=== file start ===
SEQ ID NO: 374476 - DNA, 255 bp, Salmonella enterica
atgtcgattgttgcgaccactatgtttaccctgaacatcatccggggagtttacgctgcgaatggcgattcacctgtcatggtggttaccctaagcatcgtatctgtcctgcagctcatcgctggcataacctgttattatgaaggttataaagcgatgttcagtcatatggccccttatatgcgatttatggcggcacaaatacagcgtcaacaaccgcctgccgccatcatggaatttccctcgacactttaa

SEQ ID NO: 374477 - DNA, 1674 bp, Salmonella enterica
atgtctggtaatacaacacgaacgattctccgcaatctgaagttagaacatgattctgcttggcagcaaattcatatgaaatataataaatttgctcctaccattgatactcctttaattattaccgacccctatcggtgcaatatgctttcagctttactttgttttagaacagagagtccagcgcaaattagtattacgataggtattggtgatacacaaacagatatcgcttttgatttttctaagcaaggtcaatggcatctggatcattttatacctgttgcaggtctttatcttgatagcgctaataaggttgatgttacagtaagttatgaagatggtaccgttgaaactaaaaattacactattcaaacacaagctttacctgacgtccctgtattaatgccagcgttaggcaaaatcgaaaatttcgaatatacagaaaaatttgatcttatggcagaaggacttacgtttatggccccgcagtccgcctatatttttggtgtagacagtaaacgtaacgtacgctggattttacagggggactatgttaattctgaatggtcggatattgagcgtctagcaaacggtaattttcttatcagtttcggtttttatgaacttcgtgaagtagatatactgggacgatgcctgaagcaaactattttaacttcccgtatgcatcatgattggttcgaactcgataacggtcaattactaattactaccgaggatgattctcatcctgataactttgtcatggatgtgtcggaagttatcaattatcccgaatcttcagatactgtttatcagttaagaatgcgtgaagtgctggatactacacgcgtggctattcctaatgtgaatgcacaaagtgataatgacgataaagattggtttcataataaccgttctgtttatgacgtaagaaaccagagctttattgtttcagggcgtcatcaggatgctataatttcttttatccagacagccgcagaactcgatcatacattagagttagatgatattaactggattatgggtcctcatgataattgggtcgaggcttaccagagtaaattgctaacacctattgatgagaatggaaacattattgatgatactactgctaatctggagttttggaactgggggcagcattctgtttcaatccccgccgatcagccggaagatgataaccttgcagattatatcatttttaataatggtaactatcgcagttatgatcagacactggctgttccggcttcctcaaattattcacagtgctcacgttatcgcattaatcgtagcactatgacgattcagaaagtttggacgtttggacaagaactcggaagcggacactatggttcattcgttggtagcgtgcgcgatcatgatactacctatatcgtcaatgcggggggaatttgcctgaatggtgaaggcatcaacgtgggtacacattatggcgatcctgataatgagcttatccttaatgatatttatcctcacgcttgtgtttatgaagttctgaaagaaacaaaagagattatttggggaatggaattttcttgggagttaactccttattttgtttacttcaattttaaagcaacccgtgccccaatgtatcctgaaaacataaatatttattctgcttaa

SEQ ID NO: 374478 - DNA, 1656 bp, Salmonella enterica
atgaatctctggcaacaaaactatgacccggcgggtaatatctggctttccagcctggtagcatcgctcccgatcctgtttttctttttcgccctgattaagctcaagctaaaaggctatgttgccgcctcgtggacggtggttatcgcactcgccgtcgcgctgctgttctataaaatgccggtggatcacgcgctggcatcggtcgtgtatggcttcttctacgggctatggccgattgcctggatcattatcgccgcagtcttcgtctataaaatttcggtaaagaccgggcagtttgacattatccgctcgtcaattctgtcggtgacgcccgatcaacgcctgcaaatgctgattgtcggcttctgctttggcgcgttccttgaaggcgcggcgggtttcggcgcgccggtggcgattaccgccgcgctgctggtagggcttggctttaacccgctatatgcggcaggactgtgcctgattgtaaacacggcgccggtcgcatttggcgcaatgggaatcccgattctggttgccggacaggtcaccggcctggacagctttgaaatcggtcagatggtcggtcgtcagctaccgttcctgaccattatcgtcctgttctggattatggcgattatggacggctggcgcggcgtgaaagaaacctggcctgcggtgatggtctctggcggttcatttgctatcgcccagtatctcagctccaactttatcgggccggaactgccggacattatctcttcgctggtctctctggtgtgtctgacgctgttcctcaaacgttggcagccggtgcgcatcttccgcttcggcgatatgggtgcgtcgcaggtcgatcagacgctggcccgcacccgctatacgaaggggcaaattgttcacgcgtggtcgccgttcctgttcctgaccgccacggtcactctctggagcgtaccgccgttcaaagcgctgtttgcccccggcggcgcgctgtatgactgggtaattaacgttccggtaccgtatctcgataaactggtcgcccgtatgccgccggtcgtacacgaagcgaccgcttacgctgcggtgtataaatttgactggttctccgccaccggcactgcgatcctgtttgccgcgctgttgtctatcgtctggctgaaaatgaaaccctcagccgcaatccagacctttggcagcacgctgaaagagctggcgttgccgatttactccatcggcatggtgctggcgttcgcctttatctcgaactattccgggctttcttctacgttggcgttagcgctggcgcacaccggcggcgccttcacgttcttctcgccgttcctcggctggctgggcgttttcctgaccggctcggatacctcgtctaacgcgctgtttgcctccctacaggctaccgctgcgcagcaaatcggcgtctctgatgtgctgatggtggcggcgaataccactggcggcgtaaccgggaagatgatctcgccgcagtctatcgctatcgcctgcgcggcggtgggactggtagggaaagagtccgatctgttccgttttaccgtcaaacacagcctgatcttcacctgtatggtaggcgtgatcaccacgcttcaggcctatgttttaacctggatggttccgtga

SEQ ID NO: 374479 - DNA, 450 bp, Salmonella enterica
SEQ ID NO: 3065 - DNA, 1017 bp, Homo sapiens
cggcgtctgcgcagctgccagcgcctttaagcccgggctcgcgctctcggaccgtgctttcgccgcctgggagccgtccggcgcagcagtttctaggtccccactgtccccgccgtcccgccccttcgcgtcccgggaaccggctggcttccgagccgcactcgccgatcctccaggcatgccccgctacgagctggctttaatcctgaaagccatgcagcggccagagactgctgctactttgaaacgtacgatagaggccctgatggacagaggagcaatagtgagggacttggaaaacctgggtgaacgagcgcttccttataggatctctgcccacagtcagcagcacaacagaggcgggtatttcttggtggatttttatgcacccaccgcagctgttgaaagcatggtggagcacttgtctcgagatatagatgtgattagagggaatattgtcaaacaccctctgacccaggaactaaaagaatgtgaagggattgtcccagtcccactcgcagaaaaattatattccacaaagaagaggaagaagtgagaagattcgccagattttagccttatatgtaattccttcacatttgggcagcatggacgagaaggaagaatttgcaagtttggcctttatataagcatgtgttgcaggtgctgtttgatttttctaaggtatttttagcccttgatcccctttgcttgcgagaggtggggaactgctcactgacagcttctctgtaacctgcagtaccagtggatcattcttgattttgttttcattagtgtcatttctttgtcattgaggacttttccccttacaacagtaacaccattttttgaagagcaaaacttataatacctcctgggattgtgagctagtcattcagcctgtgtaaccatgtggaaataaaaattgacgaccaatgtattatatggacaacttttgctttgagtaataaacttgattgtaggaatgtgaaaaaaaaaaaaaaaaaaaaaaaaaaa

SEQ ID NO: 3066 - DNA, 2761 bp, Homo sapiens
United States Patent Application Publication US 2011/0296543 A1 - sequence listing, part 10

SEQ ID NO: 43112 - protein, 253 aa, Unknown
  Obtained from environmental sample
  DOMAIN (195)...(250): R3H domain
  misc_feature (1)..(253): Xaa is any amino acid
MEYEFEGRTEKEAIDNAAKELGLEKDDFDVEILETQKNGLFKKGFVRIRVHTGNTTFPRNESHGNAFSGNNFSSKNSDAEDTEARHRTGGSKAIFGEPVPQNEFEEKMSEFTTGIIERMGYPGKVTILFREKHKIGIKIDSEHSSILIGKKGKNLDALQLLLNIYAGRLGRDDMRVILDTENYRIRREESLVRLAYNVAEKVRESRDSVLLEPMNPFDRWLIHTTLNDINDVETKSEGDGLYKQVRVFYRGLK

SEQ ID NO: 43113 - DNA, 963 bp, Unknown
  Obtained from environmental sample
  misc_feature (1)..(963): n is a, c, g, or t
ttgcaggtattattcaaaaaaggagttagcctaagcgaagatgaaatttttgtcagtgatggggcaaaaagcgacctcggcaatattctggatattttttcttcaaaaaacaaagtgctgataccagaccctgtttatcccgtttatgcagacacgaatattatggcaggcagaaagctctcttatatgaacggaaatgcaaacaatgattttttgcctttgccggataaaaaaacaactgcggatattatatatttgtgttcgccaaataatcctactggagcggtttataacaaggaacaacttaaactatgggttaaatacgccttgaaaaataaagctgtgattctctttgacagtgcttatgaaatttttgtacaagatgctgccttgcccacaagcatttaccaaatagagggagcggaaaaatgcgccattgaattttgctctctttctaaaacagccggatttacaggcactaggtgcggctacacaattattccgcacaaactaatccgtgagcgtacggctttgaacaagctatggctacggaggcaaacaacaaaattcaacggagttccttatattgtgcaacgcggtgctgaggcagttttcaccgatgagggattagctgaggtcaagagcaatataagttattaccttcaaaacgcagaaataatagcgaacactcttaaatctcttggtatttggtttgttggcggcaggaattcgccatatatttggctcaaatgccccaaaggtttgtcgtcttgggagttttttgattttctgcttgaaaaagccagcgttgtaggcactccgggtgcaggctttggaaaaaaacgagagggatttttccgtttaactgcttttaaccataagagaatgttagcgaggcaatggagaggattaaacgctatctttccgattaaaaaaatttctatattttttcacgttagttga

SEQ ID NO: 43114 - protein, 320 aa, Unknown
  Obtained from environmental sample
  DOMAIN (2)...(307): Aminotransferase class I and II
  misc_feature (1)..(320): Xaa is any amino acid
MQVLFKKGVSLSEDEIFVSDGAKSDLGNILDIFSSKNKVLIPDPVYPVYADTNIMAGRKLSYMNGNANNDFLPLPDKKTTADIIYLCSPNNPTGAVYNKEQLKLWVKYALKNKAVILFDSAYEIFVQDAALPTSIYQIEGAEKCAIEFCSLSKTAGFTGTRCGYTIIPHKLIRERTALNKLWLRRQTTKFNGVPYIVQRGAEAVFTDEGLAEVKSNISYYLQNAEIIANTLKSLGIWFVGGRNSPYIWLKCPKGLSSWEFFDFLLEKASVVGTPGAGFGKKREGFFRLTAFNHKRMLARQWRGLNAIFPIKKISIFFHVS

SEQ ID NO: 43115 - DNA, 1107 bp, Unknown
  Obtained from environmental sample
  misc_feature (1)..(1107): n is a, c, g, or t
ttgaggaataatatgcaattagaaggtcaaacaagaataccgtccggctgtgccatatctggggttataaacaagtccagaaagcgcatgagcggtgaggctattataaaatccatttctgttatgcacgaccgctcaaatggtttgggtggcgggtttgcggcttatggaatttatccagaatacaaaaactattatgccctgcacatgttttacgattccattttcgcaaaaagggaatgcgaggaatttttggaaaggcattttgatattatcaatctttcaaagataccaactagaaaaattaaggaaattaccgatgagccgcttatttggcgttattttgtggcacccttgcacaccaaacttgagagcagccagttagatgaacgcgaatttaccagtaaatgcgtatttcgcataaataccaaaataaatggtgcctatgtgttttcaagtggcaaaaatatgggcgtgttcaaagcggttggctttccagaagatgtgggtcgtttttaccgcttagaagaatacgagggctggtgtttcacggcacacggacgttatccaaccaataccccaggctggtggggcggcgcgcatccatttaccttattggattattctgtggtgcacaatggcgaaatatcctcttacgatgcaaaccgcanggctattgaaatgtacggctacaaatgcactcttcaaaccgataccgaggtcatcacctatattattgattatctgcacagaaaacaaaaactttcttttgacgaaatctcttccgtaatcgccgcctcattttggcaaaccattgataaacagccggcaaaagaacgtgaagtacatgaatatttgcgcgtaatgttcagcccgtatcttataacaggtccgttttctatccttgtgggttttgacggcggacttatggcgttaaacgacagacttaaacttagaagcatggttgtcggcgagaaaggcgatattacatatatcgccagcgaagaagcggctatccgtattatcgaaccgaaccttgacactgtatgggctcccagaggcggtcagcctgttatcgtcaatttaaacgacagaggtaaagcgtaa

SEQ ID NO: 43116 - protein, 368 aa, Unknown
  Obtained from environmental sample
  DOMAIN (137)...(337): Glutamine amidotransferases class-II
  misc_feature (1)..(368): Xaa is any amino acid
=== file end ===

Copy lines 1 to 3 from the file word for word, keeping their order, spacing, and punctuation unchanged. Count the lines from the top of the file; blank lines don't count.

SEQ ID NO: 374476 - DNA, 255 bp, Salmonella enterica
atgtcgattgttgcgaccactatgtttaccctgaacatcatccggggagtttacgctgcgaatggcgattcacctgtcatggtggttaccctaagcatcgtatctgtcctgcagctcatcgctggcataacctgttattatgaaggttataaagcgatgttcagtcatatggccccttatatgcgatttatggcggcacaaatacagcgtcaacaaccgcctgccgccatcatggaatttccctcgacactttaa

SEQ ID NO: 374477 - DNA, 1674 bp, Salmonella enterica